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Make sure to have your National Parks starter pack before you begin your outdoor adventure.

Third Eye Headlamps are a must for your National Parks starter pack.

I got you covered with my essential checklist to create your National Park starters pack.

I know National Parks on Instagram look like easy, breezy picturesque computer backgrounds, but there are some potential serious dangers to them. They’re not some man-made amusement – this is real sh*t and I don’t want you to get hurt or feel unprepared.

I’ve been to a bunch (and even got lost solo in one), and have become an unofficial boy scout with how prepared I’ve now become. No matter the terrain, this National Park starters pack list not only includes stuff you should have in your backpack, but also some tips to just make your whole experience that much better.

Water, water, water!

Not trying to be dramatic, but this is a matter of life and death! You need to be drinking plenty of water and don’t underestimate how hot and grueling hikes in the parks can get. Even if you’re somewhere cold, you still can get dehydrated. Most National Park maps now include how much water you should bring on certain trails.

Always keep a headlamp with you.

A headlamp is a top item for any National Parks starter pack.

It’s always good to keep a headlamp with you. If you’re on a hike early in the morning or after the sun goes down, exploring caves or canyons, you’ll definitely wish you had one to not only see but keep your hands free. Third Eye Headlamps is a small business that I’ve known since the pandemic. The TE14 lamp is made of recyclable, non-toxic plastic and comes with a lifetime warranty. Plus, the designs look really freaking fun.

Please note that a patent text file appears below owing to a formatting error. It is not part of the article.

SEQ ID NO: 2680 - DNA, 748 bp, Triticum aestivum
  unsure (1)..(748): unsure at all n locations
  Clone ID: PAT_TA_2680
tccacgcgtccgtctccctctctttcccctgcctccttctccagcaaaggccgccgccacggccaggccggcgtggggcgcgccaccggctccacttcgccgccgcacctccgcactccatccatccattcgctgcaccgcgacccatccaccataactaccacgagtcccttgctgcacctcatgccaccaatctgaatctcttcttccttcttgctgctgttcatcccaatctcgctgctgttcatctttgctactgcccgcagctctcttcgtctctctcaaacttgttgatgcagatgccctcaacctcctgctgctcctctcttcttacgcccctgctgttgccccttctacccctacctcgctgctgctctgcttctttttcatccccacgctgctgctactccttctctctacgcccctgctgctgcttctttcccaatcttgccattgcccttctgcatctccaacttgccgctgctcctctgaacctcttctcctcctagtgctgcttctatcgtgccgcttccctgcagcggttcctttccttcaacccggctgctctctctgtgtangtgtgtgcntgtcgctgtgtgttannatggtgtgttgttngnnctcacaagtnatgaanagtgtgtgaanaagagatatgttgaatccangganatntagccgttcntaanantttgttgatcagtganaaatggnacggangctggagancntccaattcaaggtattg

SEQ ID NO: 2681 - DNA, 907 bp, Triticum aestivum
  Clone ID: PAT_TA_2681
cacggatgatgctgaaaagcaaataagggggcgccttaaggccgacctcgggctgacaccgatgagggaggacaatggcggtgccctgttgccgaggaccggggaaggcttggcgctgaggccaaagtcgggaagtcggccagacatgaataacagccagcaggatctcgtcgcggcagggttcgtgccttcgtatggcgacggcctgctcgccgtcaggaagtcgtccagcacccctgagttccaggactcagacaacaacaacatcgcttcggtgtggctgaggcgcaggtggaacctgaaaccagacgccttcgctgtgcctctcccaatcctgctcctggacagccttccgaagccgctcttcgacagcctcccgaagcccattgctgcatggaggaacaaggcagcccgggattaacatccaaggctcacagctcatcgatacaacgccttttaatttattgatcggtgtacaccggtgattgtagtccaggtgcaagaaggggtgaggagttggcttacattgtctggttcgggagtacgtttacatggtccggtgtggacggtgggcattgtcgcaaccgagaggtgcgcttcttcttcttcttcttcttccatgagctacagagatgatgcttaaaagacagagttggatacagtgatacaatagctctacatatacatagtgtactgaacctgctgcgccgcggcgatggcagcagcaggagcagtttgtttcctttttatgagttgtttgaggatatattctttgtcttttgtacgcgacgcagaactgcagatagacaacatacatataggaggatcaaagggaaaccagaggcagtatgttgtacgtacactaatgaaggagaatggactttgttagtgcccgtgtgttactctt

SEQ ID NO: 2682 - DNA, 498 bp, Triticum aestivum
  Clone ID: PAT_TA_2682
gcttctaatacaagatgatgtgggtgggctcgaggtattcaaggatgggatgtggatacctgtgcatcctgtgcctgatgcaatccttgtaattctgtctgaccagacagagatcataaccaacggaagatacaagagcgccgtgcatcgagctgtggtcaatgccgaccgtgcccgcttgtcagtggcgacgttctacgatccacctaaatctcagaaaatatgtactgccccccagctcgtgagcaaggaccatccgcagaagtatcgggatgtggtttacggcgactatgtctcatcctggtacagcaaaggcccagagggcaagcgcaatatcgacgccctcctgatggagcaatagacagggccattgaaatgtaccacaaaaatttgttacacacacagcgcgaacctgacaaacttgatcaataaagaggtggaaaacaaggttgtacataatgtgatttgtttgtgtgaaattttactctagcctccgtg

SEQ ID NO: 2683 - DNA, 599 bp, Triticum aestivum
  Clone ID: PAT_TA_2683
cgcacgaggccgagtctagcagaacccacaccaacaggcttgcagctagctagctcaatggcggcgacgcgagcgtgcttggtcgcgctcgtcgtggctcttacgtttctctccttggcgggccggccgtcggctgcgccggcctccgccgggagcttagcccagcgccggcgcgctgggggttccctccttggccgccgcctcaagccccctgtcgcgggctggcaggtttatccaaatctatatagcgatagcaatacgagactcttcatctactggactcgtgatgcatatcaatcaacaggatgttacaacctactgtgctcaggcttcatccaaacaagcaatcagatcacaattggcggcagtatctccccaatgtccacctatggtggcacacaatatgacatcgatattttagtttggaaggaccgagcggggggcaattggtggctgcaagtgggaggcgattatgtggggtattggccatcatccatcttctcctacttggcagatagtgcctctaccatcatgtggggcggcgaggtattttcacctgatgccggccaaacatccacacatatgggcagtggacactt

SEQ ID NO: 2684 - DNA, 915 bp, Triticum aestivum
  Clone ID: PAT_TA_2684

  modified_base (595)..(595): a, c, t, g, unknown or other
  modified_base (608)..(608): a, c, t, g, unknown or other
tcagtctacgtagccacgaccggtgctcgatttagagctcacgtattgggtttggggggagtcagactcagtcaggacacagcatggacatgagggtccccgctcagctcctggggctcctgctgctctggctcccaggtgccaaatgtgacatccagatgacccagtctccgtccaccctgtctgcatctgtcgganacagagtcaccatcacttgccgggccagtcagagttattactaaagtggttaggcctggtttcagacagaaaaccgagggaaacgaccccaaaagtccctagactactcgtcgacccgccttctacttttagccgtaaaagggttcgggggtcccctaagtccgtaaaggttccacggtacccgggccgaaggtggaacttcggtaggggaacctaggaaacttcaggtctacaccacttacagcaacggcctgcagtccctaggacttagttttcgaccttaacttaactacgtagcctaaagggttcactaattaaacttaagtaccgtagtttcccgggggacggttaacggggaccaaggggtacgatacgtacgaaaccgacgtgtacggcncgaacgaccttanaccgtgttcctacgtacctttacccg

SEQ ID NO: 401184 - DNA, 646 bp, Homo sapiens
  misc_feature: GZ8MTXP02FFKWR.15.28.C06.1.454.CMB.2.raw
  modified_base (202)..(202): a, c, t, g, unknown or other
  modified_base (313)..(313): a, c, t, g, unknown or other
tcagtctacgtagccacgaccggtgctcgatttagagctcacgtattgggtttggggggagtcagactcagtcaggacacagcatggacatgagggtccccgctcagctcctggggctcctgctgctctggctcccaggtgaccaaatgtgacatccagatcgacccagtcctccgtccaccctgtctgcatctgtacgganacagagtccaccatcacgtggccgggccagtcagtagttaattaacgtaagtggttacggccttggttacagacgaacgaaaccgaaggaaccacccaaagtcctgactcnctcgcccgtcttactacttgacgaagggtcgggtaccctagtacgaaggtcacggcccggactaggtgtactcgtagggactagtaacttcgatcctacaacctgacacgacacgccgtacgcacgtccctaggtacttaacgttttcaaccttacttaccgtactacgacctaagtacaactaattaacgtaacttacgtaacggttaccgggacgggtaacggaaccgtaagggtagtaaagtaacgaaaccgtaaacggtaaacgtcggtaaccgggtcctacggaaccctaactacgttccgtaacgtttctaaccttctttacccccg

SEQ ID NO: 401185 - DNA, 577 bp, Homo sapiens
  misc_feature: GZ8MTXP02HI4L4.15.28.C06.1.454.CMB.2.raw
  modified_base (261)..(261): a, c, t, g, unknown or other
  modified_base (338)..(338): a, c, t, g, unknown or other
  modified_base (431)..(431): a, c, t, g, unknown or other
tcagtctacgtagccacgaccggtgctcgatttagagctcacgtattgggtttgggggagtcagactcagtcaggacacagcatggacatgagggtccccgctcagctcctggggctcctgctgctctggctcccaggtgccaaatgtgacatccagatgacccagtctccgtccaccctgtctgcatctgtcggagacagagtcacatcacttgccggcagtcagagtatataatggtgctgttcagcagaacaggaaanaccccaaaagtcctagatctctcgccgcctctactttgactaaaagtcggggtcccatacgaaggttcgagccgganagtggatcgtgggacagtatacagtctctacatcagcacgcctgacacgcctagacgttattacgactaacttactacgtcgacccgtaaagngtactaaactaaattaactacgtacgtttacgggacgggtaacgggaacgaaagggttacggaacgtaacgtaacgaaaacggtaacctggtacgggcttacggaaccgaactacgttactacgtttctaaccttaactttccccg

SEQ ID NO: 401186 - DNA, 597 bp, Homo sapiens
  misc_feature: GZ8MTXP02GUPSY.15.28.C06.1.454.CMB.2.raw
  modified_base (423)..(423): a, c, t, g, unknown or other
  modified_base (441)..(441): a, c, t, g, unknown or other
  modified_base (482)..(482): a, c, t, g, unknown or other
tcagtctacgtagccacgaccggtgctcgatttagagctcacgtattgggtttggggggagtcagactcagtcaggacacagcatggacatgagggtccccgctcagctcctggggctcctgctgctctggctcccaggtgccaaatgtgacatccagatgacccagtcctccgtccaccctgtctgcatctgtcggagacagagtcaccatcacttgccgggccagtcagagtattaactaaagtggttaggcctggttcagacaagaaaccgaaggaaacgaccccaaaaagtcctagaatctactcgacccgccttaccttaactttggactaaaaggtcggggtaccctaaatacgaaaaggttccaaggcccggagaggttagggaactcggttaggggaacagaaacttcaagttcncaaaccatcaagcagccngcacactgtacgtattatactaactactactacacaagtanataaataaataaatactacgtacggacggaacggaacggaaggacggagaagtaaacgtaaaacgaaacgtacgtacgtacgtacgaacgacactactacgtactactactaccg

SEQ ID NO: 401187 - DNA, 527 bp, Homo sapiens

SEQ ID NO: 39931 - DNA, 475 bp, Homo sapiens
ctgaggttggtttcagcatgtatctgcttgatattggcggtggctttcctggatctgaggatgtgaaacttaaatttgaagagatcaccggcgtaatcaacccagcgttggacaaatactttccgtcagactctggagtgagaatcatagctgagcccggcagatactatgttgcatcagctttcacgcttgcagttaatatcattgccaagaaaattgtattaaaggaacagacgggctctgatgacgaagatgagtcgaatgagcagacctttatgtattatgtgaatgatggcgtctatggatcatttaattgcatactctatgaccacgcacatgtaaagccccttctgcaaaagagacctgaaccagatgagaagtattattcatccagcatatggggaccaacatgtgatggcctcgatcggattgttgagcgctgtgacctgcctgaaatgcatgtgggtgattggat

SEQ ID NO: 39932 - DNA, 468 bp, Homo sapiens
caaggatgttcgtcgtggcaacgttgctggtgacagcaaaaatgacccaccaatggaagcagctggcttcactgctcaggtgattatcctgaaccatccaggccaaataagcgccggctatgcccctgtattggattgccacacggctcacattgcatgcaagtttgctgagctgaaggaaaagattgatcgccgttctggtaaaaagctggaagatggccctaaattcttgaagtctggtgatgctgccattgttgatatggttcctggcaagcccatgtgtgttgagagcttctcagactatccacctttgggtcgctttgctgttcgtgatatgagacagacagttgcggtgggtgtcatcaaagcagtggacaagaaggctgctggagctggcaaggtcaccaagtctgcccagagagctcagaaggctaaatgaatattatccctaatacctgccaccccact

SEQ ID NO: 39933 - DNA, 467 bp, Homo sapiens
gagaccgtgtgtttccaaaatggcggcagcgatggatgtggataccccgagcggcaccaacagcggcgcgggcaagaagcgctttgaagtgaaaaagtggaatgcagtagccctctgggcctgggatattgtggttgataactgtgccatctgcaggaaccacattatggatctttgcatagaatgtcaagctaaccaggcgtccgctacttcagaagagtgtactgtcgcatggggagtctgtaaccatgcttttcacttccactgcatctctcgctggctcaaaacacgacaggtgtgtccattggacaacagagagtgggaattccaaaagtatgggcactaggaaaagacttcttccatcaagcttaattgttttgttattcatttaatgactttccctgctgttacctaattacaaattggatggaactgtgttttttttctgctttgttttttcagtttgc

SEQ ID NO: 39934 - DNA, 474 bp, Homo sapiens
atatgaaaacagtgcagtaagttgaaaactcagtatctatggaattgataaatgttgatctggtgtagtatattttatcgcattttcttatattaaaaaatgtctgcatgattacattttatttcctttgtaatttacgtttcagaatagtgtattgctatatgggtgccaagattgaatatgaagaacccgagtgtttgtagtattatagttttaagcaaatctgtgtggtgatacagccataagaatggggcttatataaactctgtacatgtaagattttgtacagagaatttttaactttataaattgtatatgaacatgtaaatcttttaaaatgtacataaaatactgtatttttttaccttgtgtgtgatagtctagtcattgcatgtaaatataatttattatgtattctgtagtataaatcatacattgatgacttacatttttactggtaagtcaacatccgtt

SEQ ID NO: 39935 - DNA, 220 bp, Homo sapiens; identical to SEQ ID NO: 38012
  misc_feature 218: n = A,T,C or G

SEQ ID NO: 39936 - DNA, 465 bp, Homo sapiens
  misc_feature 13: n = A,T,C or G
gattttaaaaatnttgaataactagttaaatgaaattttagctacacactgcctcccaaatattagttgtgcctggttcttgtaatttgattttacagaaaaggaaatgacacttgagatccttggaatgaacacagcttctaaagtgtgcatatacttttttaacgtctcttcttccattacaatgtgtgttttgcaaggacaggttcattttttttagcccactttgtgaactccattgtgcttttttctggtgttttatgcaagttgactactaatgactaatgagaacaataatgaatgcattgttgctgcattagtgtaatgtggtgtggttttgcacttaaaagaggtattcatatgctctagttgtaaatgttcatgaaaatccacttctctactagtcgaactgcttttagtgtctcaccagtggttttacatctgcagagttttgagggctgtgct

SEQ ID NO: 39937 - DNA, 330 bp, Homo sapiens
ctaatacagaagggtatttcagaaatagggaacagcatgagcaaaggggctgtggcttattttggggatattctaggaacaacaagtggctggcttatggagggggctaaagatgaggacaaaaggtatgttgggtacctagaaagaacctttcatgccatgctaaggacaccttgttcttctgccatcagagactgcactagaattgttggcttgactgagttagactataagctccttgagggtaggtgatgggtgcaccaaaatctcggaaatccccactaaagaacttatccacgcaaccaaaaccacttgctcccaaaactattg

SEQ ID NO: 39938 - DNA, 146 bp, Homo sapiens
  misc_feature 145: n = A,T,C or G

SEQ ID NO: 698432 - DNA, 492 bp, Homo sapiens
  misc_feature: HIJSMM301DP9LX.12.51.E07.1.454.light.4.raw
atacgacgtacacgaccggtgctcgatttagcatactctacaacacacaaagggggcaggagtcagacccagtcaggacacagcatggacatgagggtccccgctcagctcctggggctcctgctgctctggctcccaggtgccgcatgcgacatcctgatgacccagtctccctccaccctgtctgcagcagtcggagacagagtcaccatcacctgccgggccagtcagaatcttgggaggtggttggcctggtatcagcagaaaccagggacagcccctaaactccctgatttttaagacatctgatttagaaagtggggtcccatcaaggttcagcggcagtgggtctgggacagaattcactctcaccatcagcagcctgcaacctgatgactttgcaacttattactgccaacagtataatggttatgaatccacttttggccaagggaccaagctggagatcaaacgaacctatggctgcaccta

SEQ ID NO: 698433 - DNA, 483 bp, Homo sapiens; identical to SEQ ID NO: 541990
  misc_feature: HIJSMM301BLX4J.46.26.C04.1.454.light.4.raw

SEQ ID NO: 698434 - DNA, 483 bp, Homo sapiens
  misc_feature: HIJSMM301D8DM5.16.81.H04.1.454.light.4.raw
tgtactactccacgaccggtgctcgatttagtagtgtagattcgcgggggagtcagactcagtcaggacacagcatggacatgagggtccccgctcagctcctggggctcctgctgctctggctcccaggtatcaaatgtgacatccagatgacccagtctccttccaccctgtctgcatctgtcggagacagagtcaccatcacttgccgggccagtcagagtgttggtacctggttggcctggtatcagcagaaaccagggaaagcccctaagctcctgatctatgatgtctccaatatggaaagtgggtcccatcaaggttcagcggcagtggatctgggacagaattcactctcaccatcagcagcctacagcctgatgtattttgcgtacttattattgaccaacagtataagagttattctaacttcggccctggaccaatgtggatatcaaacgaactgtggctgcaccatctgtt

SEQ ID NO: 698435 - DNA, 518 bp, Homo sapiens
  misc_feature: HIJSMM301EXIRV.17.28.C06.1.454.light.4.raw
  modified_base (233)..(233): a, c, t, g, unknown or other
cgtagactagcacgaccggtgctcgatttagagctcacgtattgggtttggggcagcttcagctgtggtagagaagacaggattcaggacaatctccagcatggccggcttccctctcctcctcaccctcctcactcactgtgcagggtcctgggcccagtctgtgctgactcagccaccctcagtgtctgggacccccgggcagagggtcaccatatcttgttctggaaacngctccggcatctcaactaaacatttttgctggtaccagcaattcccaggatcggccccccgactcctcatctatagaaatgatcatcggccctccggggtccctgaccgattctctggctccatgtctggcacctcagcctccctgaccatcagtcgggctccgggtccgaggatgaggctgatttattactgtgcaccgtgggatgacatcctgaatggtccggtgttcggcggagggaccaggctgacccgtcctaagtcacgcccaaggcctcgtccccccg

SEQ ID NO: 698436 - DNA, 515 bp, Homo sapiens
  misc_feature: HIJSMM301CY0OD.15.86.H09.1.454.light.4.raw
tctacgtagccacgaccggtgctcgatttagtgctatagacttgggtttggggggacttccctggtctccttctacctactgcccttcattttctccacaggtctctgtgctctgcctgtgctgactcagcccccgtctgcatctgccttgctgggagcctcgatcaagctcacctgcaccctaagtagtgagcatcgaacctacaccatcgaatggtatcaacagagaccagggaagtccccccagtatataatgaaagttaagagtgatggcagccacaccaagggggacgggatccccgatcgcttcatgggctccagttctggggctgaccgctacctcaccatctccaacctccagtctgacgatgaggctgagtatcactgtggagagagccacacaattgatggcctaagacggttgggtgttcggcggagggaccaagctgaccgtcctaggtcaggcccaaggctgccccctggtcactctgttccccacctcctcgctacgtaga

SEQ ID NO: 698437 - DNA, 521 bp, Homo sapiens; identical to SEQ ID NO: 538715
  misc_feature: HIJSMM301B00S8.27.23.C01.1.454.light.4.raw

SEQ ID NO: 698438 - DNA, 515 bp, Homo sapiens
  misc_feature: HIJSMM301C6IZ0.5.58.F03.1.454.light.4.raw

I’m a happy camper with walking sticks.

You’ll be looking like a certified badass with these. It’s simple math – your two feet are two points of contact to the ground, and with the sticks, you double it to four points. Less pressure on your feet for long adventures and less of a chance of falling. But seriously, aside from water these were a lifesaver on our hikes no matter the distance.

Pack a lunch and keep it cool.

The name of the game with day-long adventures is keeping your body fueled. Even if you’re not a big breakfast person (like me), make sure you eat something in the morning and pack sandwiches and protein bars. Keep it cold in a small cooler – I love using a cooler backpack.

Keep those devices charged.

Don’t waste battery scrolling on Instagram when you’re in the middle of beautiful Mother Nature. Definitely bring along a few external chargers to keep your phone charged. Besides taking pictures, it’s important if you have any maps loaded or will possibly need to make a call for help.

The National Parks senior citizen discount is pretty clutch.

If you’re venturing with someone over 62 (I’ve been to a bunch of National Parks with my dad), they have a senior citizen pass that is good for all companions with the pass holder. It costs $20 a year, or $80 for a lifetime. Pretty cool because for context, a daily pass for just one day into Arches National Park is $30.

Buying the right type of pass is also key for any National Parks starter pack.

Wear your sunscreen!

Even if you’re trying to get after those tan lines, you need sunscreen! Trust me, peeling in the Summer is not a hot look. I am very obsessed with the entire vibe of Vacation sunscreen and actually enjoy putting it on.

Dress for comfort not looks.

Please don’t prioritize getting that perfect Instagram shot with an outfit that isn’t comfortable. That’s not the vibe anymore (never was). Also bring some layers because depending on the time of day, it will get cold when the sun goes down or before it comes up.

Know where you want to go before you’re there.

Having all day may seem like a long time, but it’s really not. Have a plan for what types of hikes you want to do or things to see beforehand. Also, make sure you’re timing your hikes with when the sun sets.

Check locations on Instagram to see what it’s actually like.

A Google search will often give you outdated photos of a destination. I always search National Parks and places on Instagram, so I can see recent, real-time photos of where I’m going. Also, sometimes I’ll discover cool spots in the parks from what others have posted.

Which National Park is your favorite?

Be good,


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